Victor Lopez-Carmen, a third-year student at Harvard Medical School, is used to being the first, the only, or at least among the few.
An enrolled member of the Crow Creek Sioux tribe, Lopez-Carmen is the first in his tribal nation to attend medical school and one of two Native American students in his class. And recently, he became the first Native American student at Harvard Medical School to receive a Herbert W. Nickens Medical Student Scholarship for his efforts to fight inequities in medical education and health care.
The scholarships are awarded by the Association of American Medical Colleges to five third-year students nationwide for their commitment to cultural diversity. Each U.S. medical school is allowed to nominate one candidate per year for the award, named after the late Herbert W. Nickens, vice president for minority and community programs at the association. A virtual celebration is scheduled for Oct. 27.
For Lopez-Carmen, the award is not only an acknowledgment of his advocacy for quality health care for Native Americans, but also a way to bring health disparities to the forefront. Native Americans experience high rates of diabetes, heart disease, cancer, asthma, and other chronic conditions whose risks are increased by persistent racial inequity, historical trauma, and a high poverty rate, according to the Centers for Disease Control and Prevention.
“I grew up experiencing and witnessing firsthand the health disparities we talk about in Medical School, and I know that invisibility in the field of health care can be life or death for my people,” said Lopez-Carmen. “I’m humbled and relieved that this powerful medical organization saw the merits in the work that needs to be done around promoting Indigenous health, Indigenous rights, and inclusion in medical education.”
Lopez-Carmen, who is also from the Yaqui Nation on his mother’s side, said he decided to become a doctor in the seventh grade, after experiencing the need for quality health care in his community. He suffered third-degree burns and had to be transported miles from his village to a hospital that could provide the care he needed. “I grew up knowing that the struggles are real,” he said.
As co-president of the Native American Health Organization at the Medical School, Lopez-Carmen developed teaching modules on Indigenous health for first- and third-year students, “filling an obvious and intractable void in the HMS curriculum,” said Andrea Ewing Reid, associate dean of student and multicultural affairs and director of the Office of Recruitment and Multicultural Affairs at HMS.
“Victor combines compassion, insight, humility, and laser focus to raise awareness and create solutions to the myriad health care needs of Indigenous communities,” said Reid who nominated Lopez-Carmen for the Nickens award. “His work on behalf of Indigenous communities is unparalleled among medical students, as is his unwavering commitment to continue that work after Medical School.”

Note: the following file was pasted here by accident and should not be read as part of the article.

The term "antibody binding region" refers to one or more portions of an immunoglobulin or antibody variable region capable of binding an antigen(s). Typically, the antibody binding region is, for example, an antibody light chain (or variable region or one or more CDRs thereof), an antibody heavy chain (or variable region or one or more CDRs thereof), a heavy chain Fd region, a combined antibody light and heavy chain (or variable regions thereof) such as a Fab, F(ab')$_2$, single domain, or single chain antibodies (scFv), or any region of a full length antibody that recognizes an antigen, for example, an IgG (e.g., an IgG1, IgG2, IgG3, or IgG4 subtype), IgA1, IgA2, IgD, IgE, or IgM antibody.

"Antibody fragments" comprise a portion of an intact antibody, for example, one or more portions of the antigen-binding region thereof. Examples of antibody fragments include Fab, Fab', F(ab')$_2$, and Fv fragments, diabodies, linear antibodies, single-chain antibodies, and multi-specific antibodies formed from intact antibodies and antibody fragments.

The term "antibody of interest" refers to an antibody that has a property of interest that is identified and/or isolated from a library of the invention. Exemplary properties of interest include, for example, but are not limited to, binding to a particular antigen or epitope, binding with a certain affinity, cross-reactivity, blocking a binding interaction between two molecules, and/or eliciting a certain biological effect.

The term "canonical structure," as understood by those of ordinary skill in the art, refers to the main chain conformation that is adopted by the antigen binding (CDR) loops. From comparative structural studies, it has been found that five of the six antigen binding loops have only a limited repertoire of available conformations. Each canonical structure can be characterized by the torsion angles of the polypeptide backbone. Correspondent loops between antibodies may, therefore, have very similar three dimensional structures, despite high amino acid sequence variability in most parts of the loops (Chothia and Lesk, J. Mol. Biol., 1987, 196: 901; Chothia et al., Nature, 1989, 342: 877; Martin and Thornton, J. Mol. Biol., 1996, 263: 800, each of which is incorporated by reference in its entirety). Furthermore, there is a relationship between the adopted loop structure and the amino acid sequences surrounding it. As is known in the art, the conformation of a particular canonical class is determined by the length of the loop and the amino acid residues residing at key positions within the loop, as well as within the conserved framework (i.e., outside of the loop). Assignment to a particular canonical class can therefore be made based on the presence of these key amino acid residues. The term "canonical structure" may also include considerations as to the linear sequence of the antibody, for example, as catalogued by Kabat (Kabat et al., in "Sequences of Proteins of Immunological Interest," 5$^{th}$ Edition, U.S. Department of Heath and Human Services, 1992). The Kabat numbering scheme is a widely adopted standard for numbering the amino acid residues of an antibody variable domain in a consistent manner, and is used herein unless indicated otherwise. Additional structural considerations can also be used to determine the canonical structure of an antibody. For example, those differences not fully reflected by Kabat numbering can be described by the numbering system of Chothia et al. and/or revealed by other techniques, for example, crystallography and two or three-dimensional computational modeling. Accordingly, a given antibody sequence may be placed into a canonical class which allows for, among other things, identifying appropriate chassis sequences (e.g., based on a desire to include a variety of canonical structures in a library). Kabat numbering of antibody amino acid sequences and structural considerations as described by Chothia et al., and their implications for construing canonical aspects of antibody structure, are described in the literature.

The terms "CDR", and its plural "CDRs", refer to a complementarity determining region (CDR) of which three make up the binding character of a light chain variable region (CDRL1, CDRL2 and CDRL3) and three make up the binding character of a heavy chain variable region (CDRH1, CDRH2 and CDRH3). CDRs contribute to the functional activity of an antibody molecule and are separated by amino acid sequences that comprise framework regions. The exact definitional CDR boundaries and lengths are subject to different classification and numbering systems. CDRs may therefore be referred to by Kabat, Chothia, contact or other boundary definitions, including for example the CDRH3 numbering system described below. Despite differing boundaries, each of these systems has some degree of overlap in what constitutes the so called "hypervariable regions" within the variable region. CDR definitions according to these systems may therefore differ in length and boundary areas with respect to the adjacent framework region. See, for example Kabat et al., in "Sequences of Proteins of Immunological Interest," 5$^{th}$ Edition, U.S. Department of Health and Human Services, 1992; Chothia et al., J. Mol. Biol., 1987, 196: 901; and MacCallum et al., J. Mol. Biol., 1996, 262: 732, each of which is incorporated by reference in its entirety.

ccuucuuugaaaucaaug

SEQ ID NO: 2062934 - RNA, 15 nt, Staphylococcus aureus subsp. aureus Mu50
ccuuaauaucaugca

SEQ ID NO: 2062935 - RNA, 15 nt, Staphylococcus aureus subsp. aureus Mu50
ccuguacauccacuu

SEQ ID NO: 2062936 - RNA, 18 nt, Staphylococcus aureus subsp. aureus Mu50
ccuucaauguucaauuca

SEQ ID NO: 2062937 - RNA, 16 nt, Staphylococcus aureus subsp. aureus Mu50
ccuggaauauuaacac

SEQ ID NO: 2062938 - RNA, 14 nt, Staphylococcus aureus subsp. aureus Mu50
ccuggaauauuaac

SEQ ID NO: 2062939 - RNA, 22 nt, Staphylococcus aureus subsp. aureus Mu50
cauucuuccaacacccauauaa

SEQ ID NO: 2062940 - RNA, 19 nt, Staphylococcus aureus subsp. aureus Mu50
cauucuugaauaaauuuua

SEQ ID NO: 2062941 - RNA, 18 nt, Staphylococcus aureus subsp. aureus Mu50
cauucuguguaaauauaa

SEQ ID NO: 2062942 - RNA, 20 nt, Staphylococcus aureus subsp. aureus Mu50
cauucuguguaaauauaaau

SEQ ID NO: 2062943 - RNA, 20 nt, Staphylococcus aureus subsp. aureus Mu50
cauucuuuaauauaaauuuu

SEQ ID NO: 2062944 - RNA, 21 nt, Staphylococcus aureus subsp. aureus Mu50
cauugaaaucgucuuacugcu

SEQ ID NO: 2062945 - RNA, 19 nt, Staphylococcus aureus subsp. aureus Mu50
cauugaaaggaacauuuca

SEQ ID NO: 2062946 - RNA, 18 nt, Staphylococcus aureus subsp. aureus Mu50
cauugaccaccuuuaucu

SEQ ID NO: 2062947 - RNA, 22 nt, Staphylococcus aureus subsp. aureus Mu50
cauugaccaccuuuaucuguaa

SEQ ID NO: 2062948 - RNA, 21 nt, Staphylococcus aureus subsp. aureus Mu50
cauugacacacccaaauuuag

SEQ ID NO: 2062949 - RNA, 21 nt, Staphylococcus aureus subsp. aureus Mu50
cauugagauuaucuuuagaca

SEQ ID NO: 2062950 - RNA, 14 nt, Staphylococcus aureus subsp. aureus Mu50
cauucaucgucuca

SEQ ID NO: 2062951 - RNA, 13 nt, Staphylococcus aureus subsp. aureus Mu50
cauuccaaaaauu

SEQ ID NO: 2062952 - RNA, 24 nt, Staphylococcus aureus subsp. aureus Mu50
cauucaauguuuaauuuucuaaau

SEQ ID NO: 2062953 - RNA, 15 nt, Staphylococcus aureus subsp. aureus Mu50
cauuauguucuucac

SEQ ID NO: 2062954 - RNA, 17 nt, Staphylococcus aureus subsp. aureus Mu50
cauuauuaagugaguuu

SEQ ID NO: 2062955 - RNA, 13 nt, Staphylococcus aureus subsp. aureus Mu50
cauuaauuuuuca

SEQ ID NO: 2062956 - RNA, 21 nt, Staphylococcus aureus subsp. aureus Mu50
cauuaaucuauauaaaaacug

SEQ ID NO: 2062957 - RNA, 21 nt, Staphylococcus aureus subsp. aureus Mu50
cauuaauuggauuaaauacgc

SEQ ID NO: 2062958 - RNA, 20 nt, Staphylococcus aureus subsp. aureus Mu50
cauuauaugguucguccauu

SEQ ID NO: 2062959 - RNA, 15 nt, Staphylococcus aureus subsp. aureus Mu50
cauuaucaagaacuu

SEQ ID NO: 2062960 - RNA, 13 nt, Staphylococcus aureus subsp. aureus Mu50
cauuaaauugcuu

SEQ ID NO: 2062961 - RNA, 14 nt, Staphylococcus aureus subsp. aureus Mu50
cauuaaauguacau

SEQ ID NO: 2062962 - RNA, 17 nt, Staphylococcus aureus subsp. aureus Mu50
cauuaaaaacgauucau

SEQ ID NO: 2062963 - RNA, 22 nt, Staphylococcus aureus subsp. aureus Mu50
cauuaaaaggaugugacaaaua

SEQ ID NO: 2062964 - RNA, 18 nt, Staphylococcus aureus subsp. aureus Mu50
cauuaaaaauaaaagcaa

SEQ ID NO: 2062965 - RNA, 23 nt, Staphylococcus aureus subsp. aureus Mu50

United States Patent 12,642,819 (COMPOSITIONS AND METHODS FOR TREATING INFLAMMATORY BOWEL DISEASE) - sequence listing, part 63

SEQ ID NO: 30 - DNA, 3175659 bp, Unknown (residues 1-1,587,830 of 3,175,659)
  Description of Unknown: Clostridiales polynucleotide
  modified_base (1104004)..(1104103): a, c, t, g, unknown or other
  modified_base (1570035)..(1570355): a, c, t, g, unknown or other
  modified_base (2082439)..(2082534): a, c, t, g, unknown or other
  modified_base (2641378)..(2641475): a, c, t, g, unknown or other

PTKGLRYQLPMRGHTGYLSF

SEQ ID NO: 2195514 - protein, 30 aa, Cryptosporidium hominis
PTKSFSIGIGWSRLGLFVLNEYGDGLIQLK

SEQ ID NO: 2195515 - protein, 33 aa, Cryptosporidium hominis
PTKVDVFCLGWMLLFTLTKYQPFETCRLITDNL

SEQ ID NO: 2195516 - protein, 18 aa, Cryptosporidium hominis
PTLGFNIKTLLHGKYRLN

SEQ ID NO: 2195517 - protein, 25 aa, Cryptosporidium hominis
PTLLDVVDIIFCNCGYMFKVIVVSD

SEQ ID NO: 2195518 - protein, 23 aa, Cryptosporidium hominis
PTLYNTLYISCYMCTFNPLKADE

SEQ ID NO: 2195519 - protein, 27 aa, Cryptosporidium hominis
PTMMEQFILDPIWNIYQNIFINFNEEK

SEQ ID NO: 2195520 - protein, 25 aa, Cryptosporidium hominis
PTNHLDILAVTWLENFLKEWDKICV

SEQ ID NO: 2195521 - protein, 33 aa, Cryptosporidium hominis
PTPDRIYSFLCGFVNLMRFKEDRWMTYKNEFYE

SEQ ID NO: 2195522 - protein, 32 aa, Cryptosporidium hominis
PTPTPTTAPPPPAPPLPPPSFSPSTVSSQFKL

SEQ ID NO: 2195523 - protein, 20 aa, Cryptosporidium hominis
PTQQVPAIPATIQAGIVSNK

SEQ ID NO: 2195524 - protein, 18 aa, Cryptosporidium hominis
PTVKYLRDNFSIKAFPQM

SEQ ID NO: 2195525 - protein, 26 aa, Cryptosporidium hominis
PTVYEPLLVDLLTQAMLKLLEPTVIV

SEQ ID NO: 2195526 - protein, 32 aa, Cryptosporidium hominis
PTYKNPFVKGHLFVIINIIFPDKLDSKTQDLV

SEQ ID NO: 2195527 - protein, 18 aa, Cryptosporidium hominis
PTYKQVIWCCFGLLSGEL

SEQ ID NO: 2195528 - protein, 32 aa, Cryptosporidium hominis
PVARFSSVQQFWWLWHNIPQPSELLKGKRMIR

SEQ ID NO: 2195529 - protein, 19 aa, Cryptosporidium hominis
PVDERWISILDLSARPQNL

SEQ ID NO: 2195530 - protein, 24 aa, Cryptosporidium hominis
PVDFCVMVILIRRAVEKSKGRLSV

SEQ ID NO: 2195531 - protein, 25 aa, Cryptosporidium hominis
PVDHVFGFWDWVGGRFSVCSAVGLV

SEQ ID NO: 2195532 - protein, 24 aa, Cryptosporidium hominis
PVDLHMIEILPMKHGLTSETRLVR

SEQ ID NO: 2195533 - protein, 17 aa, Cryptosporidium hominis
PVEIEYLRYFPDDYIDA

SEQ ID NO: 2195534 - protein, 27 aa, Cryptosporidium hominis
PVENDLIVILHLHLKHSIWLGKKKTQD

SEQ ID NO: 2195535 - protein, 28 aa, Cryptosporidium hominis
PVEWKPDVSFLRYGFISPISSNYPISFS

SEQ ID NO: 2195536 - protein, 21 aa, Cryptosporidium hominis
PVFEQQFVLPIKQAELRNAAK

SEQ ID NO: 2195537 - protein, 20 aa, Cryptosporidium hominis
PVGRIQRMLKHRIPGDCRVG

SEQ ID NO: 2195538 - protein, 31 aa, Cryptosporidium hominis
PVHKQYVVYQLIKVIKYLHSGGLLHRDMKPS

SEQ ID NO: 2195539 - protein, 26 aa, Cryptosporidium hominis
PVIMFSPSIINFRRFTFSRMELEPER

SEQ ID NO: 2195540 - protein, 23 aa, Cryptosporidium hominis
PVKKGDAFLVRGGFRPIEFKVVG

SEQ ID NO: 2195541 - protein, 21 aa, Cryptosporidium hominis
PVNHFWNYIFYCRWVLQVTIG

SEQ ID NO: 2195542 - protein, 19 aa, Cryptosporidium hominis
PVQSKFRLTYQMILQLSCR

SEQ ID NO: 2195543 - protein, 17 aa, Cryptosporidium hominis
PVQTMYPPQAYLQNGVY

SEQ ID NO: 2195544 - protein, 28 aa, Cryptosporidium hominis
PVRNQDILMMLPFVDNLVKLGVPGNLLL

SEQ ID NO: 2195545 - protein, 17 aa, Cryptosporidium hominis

Part of that commitment involves ensuring he is not the last one in his community to become a physician. Lopez-Carmen is working with HMS faculty to establish an Indigenous youth pipeline program to the Medical School. “I have a responsibility to make Medical School a more inclusive space for future Native American students,” he said. “Our need is tremendous.”
A clinical elective Lopez-Carmen developed for HMS students on the Creek Sioux Reservation is expected to launch in 2022. During the pandemic, he joined the HMS COVID-19 student force, raised thousands of dollars for coronavirus relief for Native American communities, and founded Translations 4 Our Nations, an initiative to translate information about the virus into Indigenous languages.
Reid, a physician with a master’s in public health, said Lopez-Carmen was “an extraordinary candidate for the Nickens Award,” which includes a $5,000 scholarship. “I cannot imagine a more worthy recipient,” she added.
After Medical School, Lopez-Carmen, who also holds a master’s in public health, plans to return to his community to carry on his work to improve health care for Indigenous and minority populations.
“Almost always, I’m the only Native American in the room, and I have to stand up for our people because oftentimes we’re left behind or forgotten,” he said. “This award gives me hope that more of us are being recognized in these spaces where we had been historically marginalized, and that our issues are being prioritized, which will positively impact the health of future generations.”